Saturday, July 05, 2008

Brave Old World

Those of you without children (you lucky bastards) may have missed the Guitar Hero/Rock Band phenomenon. Essentially, it's music as a game. Here is the teen playing Guitar Hero.

Rock Band is basically a multi-player version of the same thing. They're not real instruments, but they're instrument-shaped controllers: the guitar here has buttons rather than strings, for example. And you play along to all kinds of songs, many of which, the teen complains, she was raised with (e.g. Matthew Sweet's "Girlfriend").

In any case, the music in these games tends to be pretty good. And it's about to get better.
This DLC release, titled "The Best of The Who: Rock Band Edition," will feature twelve tracks, including Amazing Journey, Baba O'Riley and My Generation.

"We're really pleased to have our songs featured in Rock Band," said Roger Daltrey, lead singer of The Who. "It allows our established fan base to interact with our music in a way that's fresh and exciting, while also exposing our songs to new audiences."

"I'm a fan of Rock Band," said Who guitarist Pete Townshend. "I play the game with my son and girlfriend and love the way it brings different generations together through music. I like the idea that people of all ages will be having fun playing our songs."

But personally, I don't think Pete Townshend should get points for playing stuff he wrote. I wonder if there's a macro for that?


trifecta said...

NPR had a report last week that shockingly, the Beatles catalogue is about to be signed over for the video game.

steve simels said...

Pete Townshend playing Who songs in Rock Band is kind of like that scene in Citizen Kane when Welles as the older Kane walks inbetween those two walls covered with mirrors, with his reflection going off in both directions toward infinity....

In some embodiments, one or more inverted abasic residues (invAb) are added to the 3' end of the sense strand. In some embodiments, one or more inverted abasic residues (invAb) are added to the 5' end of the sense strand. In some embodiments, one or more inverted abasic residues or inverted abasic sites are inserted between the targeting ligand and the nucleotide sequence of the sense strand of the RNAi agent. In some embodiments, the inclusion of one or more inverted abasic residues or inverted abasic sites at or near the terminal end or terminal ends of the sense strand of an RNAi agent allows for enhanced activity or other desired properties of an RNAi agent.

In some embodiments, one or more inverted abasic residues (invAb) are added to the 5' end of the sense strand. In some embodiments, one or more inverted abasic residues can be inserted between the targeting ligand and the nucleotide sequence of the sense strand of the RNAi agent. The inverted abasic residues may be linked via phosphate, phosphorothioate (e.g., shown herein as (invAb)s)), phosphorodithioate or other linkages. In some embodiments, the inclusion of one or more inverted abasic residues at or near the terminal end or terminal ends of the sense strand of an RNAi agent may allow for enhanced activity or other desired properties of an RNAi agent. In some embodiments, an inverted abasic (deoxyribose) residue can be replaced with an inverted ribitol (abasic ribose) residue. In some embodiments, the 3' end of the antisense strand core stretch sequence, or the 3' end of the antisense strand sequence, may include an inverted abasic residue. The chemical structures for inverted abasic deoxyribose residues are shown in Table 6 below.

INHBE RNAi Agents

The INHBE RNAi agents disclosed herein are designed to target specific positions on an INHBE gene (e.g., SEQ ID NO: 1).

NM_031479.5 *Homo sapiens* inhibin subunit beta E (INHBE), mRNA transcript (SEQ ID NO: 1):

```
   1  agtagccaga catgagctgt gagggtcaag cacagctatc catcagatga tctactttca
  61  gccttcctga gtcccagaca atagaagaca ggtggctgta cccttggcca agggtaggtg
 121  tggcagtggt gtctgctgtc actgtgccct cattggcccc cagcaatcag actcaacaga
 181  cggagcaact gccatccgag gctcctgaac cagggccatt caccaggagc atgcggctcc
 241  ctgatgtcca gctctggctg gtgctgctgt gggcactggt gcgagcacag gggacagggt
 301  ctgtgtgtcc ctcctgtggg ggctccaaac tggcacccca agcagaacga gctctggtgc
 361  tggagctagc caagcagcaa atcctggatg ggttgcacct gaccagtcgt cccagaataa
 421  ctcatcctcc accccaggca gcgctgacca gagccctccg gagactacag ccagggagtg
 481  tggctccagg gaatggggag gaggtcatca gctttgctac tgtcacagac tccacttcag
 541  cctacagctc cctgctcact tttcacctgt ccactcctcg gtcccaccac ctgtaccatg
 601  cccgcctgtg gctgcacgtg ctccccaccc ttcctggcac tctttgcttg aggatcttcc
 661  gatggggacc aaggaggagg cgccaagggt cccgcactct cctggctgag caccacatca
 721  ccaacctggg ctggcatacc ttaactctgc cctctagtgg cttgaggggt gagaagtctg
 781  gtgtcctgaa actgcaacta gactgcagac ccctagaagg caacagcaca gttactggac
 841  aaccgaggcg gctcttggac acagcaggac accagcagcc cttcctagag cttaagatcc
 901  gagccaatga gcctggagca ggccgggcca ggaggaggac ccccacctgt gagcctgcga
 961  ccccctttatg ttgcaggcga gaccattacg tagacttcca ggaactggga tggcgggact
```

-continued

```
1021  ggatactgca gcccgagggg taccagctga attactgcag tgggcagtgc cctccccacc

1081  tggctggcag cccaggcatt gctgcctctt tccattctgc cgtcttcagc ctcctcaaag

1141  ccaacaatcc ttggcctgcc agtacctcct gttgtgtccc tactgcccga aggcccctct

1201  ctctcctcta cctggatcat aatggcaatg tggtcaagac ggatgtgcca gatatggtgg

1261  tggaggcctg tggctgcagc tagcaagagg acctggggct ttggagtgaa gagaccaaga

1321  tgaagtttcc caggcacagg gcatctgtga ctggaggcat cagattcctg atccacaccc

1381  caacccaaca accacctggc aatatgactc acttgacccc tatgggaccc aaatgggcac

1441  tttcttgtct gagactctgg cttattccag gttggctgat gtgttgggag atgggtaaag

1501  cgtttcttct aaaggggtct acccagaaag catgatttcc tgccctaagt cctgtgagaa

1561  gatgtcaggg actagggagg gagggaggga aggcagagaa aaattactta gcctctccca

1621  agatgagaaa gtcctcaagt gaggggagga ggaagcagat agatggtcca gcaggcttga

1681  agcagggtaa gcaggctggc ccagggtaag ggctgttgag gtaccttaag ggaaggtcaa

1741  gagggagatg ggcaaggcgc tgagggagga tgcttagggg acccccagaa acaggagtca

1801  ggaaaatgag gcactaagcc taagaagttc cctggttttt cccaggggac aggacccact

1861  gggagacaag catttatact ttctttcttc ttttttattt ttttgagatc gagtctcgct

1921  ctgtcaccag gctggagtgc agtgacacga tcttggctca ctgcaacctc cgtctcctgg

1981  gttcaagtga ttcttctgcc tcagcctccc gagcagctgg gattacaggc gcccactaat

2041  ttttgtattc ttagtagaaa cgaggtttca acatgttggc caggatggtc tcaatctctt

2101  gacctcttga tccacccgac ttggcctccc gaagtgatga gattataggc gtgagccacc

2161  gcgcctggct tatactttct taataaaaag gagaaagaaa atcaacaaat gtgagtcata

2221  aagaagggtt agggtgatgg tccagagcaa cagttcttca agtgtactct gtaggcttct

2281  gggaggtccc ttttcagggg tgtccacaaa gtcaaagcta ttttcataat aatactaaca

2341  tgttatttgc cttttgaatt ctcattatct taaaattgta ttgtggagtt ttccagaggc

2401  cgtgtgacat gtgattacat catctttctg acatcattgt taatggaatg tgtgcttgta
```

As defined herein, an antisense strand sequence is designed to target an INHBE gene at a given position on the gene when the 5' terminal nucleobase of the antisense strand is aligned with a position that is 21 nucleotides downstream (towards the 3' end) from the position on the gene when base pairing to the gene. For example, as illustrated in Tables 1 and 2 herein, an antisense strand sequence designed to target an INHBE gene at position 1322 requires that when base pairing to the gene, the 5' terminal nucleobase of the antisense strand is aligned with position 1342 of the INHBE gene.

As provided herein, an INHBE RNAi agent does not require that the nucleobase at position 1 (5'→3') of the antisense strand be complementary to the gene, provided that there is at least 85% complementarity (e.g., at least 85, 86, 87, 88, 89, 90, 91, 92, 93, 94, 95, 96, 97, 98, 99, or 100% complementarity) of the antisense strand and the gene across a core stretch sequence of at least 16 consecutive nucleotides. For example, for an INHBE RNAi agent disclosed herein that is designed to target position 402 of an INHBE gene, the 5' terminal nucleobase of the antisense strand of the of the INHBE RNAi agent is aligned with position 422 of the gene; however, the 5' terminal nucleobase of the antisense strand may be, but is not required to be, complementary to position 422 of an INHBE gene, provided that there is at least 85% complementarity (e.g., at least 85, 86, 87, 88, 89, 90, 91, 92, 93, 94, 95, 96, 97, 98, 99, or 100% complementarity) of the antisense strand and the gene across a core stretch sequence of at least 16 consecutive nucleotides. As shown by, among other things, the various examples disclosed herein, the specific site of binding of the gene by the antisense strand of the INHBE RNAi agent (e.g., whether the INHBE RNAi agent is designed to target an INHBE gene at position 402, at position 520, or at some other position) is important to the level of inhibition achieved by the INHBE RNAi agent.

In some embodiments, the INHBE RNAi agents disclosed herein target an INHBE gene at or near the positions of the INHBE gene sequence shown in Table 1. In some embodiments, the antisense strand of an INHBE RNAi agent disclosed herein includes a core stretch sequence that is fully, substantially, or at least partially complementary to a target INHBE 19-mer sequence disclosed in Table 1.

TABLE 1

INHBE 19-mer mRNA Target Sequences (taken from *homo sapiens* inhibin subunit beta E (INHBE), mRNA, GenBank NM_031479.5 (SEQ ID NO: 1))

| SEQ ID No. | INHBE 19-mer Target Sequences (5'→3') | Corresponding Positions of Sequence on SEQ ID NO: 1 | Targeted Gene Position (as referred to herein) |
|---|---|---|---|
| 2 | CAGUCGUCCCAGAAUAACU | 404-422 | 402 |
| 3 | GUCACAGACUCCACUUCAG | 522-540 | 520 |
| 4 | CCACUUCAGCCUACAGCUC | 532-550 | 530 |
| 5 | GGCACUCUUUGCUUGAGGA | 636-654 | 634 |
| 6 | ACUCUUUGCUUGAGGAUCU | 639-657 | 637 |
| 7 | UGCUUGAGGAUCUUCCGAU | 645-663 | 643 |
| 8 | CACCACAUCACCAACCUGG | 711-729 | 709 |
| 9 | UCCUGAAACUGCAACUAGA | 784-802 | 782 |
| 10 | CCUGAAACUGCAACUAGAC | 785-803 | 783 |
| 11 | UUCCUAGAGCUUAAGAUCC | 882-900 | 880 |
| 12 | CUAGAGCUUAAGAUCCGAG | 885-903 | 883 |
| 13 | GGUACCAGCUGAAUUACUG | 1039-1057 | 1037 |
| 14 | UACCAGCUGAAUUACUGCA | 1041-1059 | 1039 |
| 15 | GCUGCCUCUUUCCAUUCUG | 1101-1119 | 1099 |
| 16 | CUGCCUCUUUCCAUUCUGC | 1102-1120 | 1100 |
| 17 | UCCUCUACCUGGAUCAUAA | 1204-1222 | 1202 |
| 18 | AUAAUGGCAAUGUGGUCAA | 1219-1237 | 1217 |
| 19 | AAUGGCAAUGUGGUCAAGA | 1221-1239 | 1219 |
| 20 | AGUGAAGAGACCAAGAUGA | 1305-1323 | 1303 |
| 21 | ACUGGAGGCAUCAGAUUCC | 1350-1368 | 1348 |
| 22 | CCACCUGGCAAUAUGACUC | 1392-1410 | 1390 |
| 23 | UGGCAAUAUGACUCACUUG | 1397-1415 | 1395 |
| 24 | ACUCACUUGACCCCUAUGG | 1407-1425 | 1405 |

peter spencer said...

It's not music. In fact, it's the exact opposite of music.

Kid Charlemagne said...

The thing that bothers me about Rock Band is the time it takes a kid to master it could be spent learning how to play a real guitar.

Anonymous said...

Unfortunately, for lots of kids today, video games are cooler than real guitars.

MBowen said...

Most of my co-workers are young women between 22 and 28. When a Who song comes up on my iPod they wonder why anyone would listen to the theme music from one of the CSI shows.

Noam Sane said...

These video games need to include a module where you go backstage to the manager's office after the gig and try to get paid.

Mykej said...

Mastering the guitar in Rock band may be a waste of time, but from what I'm told the drums translate pretty well to the real instrument.

virgotex said...

I'm going to sound callous and philistine here but "time marches on."

The artifacts of popular culture are re-digested and re-purposed constantly. So it has been, so it will always be.

There are still plenty of creative and talented kids out there finding ways to express themselves, despite the brain suck of video games.

I have less problem with songs going into Rock Band than with Iggy Pop signing his stuff over to sell cars. Bottom line, these guys wrote this stuff, they get to do with it what they want, or their heirs and assigneds get to do with it what they want.

Completely OT, but does The Teen always match the wallpaper like in this photo?

That's some style.

Gary said...

mykej: As one who has played Rock Band before and who plays actual instruments, I can confirm that the drums don't play like drums at all.

Don't get me wrong - they're set up like drums. But, the patterns that your arms and legs are making to receive points wouldn't result in a drum beat if you were behind an actual kit.

In fact, I think having played real drums was a hindrance in being able to do well in the game, because I had to completely shut off the part of my brain that knew which part of the drum kit I *should* have been hitting to create the sound I was hearing.

I should've gotten double points or something, because overcoming muscle memory is a bitch!

But, it was still pretty fun to dork around on.